Remove the model:
Command: close 0Go on to Part 2 below, OR exit from Chimera with the following command:
With Chimera started and the Command Line opened as described at the beginning of Part 1, fetch the structure of entry 1d86 from the Protein Data Bank (PDB):
Command: open 1d86(Alternatively, if you're not connected to the internet, you can save the PDB-format file 1d86.pdb to a convenient location, then use File... Open in the Chimera menu to find and open it.)
The structure contains the molecule netropsin bound to double-helical DNA, initially shown with ribbons and stylized representations of the nucleic acid sugars and bases. Move and scale with the mouse in the graphics window and Side View as desired throughout the tutorial.
A preset is a predefined combination of display settings. Apply the “all atoms” preset, which will show the DNA as wire and netropsin as spheres:
Command: preset apply int 2Color carbons white, then undisplay the water:
Command: color white CResidue names can be identified by looking in the Select... Residue menu or by hovering the cursor over an atom or bond to see information in a pop-up “balloon.” Color the different nucleotides different colors, specifying them by residue name:
Command: ~disp solvent
Command: color blue :da
Command: color cyan :dc
Command: color yellow :dg
Command: color magenta :dt
Next, try some different display styles, or representations.
Command: represent sphere
Command: repr bs :.a
Command: rep stick
Notice that commands but not necessarily their keyword arguments can be truncated to unique strings. For example, the command represent can be shortened to repr or rep but not re (because other commands also start with re), whereas its keywords stick, sphere, etc. cannot be truncated. If the truncation is not unique, one of the corresponding commands will be executed, but it may not be the one intended.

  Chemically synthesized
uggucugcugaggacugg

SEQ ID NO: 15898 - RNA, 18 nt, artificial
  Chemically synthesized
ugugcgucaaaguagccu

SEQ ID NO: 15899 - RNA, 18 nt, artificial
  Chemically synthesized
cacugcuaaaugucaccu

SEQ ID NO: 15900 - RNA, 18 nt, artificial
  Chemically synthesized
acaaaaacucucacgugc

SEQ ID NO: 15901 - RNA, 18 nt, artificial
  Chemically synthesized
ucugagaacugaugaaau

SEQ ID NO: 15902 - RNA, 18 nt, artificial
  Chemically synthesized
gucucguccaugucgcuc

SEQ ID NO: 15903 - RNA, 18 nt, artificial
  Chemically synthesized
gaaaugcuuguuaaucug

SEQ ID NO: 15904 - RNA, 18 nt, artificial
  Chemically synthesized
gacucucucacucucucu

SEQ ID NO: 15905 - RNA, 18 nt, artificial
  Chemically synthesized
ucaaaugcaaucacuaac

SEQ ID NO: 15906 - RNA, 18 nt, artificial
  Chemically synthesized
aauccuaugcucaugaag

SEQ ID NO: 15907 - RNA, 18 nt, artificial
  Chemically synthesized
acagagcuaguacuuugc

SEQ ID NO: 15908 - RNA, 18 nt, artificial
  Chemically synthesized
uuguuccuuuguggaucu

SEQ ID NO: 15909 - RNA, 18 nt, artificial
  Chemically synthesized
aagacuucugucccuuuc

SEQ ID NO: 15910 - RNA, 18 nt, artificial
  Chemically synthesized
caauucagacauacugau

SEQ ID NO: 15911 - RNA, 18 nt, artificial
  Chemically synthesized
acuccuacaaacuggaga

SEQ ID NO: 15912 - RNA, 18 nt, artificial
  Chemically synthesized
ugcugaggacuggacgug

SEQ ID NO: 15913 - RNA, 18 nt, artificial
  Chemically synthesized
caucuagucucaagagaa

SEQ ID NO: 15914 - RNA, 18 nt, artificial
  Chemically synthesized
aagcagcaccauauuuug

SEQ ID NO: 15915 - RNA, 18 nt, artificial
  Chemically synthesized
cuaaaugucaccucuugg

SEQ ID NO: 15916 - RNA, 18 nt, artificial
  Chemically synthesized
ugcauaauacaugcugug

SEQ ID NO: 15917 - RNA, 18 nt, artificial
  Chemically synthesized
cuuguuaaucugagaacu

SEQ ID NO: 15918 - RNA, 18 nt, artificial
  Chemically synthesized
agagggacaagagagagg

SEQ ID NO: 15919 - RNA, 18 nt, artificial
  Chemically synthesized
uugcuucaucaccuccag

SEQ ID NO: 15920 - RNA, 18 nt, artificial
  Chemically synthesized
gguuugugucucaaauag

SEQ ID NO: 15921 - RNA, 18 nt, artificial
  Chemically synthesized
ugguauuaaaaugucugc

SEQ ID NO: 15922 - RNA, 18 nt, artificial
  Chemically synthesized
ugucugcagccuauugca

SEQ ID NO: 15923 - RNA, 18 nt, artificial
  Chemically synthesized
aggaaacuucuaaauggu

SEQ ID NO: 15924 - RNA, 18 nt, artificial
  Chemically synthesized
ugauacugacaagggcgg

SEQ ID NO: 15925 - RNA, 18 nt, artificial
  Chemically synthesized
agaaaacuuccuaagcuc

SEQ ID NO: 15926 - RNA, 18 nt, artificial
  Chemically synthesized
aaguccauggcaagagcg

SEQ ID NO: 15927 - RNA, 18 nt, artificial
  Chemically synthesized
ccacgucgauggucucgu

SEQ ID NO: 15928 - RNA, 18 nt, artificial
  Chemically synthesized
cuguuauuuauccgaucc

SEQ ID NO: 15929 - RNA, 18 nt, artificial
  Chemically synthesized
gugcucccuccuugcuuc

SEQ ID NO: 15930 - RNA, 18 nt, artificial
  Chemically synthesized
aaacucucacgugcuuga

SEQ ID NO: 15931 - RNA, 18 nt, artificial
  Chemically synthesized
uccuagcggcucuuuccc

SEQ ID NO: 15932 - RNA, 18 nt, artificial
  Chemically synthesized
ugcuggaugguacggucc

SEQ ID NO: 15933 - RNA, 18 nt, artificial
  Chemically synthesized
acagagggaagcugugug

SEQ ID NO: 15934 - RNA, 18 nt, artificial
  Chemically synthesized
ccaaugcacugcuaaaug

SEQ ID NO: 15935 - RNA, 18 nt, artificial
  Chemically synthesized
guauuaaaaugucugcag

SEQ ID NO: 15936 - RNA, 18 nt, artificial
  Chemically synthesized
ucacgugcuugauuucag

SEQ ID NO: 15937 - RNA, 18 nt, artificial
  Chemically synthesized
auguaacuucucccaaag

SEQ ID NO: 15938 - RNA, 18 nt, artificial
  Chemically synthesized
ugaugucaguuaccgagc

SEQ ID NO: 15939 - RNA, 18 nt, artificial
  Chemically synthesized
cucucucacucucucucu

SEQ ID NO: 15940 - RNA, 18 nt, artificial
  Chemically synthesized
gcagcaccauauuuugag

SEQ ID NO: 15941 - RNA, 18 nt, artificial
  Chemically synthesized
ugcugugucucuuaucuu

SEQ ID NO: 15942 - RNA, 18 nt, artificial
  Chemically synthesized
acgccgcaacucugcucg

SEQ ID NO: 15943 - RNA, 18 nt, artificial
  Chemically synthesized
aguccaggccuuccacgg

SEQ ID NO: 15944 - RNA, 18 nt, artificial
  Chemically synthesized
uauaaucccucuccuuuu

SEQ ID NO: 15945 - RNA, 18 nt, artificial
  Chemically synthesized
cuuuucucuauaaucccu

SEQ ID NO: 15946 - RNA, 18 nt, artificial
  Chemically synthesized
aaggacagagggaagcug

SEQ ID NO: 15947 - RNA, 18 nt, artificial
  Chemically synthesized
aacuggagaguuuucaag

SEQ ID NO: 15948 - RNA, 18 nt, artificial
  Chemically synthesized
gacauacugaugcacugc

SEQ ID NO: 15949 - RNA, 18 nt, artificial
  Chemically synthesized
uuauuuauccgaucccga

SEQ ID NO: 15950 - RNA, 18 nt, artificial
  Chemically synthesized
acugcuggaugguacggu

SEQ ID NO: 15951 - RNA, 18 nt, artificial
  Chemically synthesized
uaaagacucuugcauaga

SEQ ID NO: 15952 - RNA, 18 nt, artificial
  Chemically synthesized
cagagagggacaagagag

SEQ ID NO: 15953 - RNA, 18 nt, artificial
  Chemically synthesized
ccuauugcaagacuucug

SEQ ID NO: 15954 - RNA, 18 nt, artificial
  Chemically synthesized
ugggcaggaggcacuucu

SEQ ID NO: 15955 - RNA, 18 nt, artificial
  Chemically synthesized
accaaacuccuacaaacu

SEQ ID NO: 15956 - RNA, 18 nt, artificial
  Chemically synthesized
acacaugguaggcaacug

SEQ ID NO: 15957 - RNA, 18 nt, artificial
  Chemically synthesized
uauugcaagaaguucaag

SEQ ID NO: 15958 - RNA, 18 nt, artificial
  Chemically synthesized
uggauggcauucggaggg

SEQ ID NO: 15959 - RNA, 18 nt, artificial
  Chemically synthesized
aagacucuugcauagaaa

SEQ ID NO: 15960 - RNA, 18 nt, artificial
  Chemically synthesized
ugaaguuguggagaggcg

Showing ribbon automatically hides the mainchain (backbone) atoms.
Command: ribrep edged
Command: ribr rounded
DNA can be shown with special nucleotide objects. We will show “lollipops,” boxes with orientation bumps, and then a ladder. You can copy and paste into the Command Line. The command-line contents can be edited, and past commands can be accessed using the up and down arrow keys or Ctrl-p (previous) and Ctrl-n (next).
Command: nuc side tube/slab shape ellipsoid orient false style skinnyTo return to more general display styles, turn off the nucleotide objects:
Command: nuc side tube/slab shape box orient true style skinny :8-10.a
Command: nuc side ladder radius 0.3
Command: ~nucHide the ribbons and show everything as ball-and-stick:
Command: rep bs
Finally, have some fun with the surface command. There are built-in categories within structures such as main and ligand; when nothing is specified, surface shows the surface of main.
Command: surfaceSurface color can be specified separately from the colors of the underlying atoms. The ligand surface is tan and white because the original model color (tan) is used for surfaces of atoms not explicitly recolored by the user, and above, only the carbon atoms were changed to white. Show the ligand surface as red mesh:
Command: surf ligand
Command: surf :nt
Command: surfrep meshParts of a surface can be shown:
Command: color red,s ligand
Command: surfrep solid
Command: ~surfSometimes it is helpful to make a surface transparent:
Command: surf :da,dt
Command: surf :da.b,dt.b
Command: transp 50,sWhen finished, exit from Chimera:
Command: stop now